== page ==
IOS36 Notable for being used by several prolific first-party games such as Mario Kart Wii and Brawl (aside from the Korean versions of said games, which use other IOSes; the Korean version of Mario Kart Wii uses IOS46, but it's unknown IOS version Korean Brawl uses), as well as being frequently used by homebrew. Notably, no development version of it has been found, despite development versions of IOS35 and 37 being common. It's possible that this IOS was used only by Nintendo internally, and specific external studios to which it was given privately, as it was used for both first and third party games. The reason is unknown, since it doesn't seem to have any noteworthy functionality and even its networking capabilities were also possible with other IOSes which were released to developers at the time. Its Korean counterpart, as suggested previously, is IOS46.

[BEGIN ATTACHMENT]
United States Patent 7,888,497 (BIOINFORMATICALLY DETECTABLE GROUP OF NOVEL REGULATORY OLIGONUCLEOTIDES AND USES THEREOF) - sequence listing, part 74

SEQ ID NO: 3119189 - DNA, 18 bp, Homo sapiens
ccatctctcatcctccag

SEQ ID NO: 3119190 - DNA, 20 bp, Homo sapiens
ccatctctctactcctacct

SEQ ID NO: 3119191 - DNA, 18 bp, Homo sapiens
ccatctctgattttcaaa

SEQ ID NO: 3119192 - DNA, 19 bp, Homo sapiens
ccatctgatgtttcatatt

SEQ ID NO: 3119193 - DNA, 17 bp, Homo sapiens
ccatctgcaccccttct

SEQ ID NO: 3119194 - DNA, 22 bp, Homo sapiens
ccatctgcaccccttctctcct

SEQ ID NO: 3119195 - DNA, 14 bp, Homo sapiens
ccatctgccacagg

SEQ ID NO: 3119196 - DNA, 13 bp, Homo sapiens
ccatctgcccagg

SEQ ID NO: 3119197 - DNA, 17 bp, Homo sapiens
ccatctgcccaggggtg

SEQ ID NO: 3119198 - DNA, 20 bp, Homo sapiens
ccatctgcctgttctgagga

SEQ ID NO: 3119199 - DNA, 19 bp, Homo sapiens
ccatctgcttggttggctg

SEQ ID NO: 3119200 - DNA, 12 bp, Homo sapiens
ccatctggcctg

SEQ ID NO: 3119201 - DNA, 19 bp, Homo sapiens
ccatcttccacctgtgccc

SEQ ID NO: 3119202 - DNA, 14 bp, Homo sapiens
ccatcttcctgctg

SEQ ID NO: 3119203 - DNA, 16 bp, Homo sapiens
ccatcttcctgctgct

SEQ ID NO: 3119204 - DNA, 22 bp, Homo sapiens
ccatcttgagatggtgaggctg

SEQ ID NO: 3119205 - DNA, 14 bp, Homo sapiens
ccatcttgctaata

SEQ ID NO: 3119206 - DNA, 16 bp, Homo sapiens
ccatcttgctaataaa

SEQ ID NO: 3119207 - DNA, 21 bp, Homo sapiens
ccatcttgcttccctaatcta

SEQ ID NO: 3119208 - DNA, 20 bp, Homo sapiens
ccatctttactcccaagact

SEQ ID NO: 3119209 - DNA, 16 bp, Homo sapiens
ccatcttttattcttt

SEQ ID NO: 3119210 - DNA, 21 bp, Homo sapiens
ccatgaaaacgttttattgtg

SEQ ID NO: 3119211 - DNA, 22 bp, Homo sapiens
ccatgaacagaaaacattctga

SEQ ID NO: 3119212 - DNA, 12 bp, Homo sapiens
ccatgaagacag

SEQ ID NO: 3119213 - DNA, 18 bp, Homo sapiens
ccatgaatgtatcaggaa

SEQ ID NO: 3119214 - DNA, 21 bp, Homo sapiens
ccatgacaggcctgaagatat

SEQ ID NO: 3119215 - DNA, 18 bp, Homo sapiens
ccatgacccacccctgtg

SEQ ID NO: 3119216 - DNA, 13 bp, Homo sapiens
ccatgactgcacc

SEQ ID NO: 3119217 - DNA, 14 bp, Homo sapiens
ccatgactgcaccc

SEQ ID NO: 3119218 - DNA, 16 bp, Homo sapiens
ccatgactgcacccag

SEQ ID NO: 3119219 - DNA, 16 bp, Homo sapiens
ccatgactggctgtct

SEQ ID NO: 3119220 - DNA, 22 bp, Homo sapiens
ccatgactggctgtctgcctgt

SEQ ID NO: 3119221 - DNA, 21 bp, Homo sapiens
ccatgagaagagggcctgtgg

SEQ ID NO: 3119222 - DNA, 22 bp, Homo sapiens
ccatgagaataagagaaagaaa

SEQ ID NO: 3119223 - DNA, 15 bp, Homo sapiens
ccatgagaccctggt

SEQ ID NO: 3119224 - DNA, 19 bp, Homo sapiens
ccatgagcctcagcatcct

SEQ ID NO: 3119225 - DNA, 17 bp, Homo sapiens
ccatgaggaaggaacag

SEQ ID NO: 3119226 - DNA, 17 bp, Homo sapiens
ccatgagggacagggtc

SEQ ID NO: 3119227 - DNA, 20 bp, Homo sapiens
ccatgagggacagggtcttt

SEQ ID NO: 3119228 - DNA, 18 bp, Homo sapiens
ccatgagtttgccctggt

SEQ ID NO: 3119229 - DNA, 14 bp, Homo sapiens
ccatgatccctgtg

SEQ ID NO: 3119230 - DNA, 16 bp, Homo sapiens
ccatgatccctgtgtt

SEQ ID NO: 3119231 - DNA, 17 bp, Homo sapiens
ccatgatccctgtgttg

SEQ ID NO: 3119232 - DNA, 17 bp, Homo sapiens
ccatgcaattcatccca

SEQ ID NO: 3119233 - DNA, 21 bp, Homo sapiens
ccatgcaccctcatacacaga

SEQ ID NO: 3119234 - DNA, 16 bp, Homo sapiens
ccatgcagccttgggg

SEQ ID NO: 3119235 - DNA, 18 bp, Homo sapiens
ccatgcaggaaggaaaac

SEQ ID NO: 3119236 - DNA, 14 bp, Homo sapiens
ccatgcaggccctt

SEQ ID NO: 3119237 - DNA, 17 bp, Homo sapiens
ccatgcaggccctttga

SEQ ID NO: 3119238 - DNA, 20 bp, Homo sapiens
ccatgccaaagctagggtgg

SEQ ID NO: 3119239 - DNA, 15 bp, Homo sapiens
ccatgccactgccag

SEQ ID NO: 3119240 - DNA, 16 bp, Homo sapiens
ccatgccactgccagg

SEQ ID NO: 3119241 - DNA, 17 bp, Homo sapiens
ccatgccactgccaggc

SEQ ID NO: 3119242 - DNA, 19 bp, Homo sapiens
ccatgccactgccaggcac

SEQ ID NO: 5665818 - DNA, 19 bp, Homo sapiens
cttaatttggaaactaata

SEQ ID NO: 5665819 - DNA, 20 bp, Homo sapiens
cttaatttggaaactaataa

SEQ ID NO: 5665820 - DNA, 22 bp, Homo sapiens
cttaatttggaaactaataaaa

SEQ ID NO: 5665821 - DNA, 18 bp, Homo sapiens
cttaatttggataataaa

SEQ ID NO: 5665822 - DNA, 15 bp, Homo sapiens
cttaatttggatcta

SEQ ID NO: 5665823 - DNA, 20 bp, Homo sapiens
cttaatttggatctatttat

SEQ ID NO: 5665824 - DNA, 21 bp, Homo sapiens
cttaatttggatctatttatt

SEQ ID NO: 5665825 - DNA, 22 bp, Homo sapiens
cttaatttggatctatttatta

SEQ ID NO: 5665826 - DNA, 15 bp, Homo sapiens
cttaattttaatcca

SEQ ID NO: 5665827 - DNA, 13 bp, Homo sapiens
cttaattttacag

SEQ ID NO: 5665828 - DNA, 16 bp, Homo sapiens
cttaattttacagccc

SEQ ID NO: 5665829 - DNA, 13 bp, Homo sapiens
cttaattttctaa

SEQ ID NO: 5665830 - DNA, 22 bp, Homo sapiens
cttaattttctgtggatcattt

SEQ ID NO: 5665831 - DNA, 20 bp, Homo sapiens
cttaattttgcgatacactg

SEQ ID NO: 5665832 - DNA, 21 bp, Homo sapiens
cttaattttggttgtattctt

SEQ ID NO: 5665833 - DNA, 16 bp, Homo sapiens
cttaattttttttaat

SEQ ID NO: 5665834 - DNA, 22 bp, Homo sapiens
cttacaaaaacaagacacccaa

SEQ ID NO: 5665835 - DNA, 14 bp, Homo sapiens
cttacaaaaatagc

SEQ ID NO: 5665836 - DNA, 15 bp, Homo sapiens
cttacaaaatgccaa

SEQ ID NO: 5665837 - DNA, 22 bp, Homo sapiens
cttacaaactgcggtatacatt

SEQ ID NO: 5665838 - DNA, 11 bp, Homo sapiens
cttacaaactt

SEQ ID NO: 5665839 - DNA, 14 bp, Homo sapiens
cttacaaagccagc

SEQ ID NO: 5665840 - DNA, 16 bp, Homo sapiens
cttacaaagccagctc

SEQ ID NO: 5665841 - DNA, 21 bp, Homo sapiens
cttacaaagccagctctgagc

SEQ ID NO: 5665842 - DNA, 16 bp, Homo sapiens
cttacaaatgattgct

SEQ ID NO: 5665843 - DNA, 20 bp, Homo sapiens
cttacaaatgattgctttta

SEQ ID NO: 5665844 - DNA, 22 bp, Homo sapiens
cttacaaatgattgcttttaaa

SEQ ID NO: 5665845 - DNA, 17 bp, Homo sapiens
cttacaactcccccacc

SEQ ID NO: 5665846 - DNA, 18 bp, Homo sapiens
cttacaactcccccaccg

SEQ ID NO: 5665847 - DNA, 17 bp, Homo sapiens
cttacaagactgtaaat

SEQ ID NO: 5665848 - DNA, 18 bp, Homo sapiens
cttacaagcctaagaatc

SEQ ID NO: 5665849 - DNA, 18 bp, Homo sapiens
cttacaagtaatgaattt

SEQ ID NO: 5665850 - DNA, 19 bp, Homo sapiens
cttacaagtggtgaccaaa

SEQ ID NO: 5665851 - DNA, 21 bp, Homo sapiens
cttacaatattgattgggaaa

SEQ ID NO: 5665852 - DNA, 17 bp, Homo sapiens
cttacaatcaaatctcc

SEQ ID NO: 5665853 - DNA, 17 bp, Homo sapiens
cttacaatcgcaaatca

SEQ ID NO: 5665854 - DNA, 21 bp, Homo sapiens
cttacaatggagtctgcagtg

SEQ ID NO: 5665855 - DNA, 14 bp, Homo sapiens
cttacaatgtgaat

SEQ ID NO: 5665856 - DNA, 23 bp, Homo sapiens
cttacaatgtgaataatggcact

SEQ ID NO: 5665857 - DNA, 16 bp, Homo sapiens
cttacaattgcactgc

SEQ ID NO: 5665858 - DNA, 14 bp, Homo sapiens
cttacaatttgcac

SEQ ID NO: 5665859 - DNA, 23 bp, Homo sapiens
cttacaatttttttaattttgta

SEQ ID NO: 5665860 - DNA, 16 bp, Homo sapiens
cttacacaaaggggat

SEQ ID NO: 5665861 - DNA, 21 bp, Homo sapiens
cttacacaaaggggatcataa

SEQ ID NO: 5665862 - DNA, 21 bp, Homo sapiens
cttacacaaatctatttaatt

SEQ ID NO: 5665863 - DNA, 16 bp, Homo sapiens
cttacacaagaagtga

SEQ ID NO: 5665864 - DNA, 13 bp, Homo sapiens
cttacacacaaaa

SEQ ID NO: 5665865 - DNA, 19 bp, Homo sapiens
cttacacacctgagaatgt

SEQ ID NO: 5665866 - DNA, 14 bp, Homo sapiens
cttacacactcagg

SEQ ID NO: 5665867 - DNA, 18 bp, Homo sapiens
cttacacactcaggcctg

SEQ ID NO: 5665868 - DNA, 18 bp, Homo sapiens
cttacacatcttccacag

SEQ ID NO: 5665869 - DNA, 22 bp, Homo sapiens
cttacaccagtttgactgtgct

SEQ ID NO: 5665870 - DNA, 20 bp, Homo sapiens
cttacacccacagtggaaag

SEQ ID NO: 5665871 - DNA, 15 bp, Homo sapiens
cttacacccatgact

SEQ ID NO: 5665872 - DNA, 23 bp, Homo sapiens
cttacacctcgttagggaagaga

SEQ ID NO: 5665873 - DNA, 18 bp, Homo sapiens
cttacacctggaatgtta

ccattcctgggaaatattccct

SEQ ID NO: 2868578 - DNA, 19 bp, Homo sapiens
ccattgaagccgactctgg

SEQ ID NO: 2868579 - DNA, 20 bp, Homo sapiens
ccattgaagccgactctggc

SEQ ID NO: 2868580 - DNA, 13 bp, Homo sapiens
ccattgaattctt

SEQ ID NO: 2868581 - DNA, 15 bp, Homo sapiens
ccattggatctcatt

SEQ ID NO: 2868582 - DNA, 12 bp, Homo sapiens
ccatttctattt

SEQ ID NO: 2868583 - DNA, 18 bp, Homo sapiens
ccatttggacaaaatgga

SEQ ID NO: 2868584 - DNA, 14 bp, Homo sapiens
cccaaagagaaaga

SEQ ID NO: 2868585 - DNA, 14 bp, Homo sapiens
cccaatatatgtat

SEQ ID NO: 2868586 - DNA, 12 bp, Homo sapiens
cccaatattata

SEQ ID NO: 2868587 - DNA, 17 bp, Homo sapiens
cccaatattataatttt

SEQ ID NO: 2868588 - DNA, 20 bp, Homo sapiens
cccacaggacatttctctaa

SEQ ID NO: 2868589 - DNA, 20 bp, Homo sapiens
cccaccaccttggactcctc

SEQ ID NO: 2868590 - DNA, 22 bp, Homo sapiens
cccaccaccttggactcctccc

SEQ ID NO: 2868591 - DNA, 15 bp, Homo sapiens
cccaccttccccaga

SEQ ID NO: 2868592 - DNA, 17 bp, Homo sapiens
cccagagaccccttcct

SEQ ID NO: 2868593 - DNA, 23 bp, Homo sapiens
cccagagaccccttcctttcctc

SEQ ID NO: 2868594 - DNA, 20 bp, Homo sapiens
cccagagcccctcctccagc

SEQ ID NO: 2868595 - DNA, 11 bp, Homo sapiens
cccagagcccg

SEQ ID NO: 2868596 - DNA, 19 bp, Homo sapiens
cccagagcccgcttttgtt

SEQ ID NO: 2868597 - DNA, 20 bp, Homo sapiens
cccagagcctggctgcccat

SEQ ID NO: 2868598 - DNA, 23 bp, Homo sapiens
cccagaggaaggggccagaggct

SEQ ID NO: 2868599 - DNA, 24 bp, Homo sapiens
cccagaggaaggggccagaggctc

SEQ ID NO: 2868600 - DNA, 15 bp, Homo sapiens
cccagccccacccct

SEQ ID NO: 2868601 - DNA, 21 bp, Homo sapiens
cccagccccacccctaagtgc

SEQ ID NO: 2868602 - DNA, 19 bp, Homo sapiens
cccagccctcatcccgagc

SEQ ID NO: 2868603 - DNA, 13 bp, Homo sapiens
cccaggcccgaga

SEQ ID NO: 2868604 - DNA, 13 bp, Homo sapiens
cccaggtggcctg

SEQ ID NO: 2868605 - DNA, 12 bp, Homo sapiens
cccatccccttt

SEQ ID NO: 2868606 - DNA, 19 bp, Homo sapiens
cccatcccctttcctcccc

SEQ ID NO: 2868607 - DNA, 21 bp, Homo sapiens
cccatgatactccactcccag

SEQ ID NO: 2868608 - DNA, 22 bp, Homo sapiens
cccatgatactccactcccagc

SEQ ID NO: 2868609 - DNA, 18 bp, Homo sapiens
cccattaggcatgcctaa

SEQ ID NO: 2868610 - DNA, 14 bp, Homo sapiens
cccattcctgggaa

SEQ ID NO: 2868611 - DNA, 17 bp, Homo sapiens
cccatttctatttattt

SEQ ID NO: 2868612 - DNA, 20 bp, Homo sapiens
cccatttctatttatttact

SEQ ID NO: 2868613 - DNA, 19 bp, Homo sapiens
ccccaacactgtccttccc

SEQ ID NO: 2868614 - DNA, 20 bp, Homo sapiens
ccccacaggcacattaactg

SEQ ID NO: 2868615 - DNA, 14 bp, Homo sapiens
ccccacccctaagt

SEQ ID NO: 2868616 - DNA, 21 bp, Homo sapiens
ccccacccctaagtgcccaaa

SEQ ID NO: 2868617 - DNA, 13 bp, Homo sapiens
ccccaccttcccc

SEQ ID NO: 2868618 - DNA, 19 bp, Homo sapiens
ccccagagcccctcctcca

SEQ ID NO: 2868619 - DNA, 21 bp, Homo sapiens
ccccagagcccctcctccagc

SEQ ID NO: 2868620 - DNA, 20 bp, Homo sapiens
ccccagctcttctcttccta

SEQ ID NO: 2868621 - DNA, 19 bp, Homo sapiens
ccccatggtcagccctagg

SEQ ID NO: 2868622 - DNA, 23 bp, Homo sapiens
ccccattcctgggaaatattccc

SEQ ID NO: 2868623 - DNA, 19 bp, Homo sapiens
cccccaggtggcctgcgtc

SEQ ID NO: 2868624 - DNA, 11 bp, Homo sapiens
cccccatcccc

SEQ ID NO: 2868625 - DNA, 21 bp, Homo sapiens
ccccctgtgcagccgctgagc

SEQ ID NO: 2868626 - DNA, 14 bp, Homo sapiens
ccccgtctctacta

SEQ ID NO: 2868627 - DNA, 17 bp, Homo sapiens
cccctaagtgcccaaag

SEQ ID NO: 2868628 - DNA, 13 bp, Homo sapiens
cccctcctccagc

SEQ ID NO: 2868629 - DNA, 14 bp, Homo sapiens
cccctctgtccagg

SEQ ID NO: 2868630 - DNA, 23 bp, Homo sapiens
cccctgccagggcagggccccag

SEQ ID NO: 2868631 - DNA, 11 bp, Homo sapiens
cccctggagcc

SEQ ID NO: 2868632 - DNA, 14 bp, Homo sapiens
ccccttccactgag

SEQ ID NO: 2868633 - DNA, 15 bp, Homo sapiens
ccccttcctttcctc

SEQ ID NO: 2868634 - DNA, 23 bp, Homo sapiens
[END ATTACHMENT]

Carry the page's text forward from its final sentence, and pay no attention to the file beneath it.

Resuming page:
IOS37 Known for being the first IOS branch to fix the signing bug on March 21, 2008, before it was deployed to all active IOSes in an update on October 28, 2008. Used by some WiiWare and older Guitar Hero/Rock Band games.
IOS38 Used by Animal Crossing: City Folk (aside from the Korean version which uses IOS48, presumably the Korean counterpart to this IOS); notable for being one of the few IOSes to support Wii Speak. Along with IOS55, it is required and installed by the Wii Speak Channel.
IOS40 Notable for being used by the Korean version of System Menu 3.3 (the first System Menu release in Korea); v2835 is missing, v2321 (the earliest version) is not on NUS and was found extracted from a console, and, oddly, a stub version v3072 was released on NUS for unknown reasons. It's currently unknown if this IOS was exclusive to Korea or not.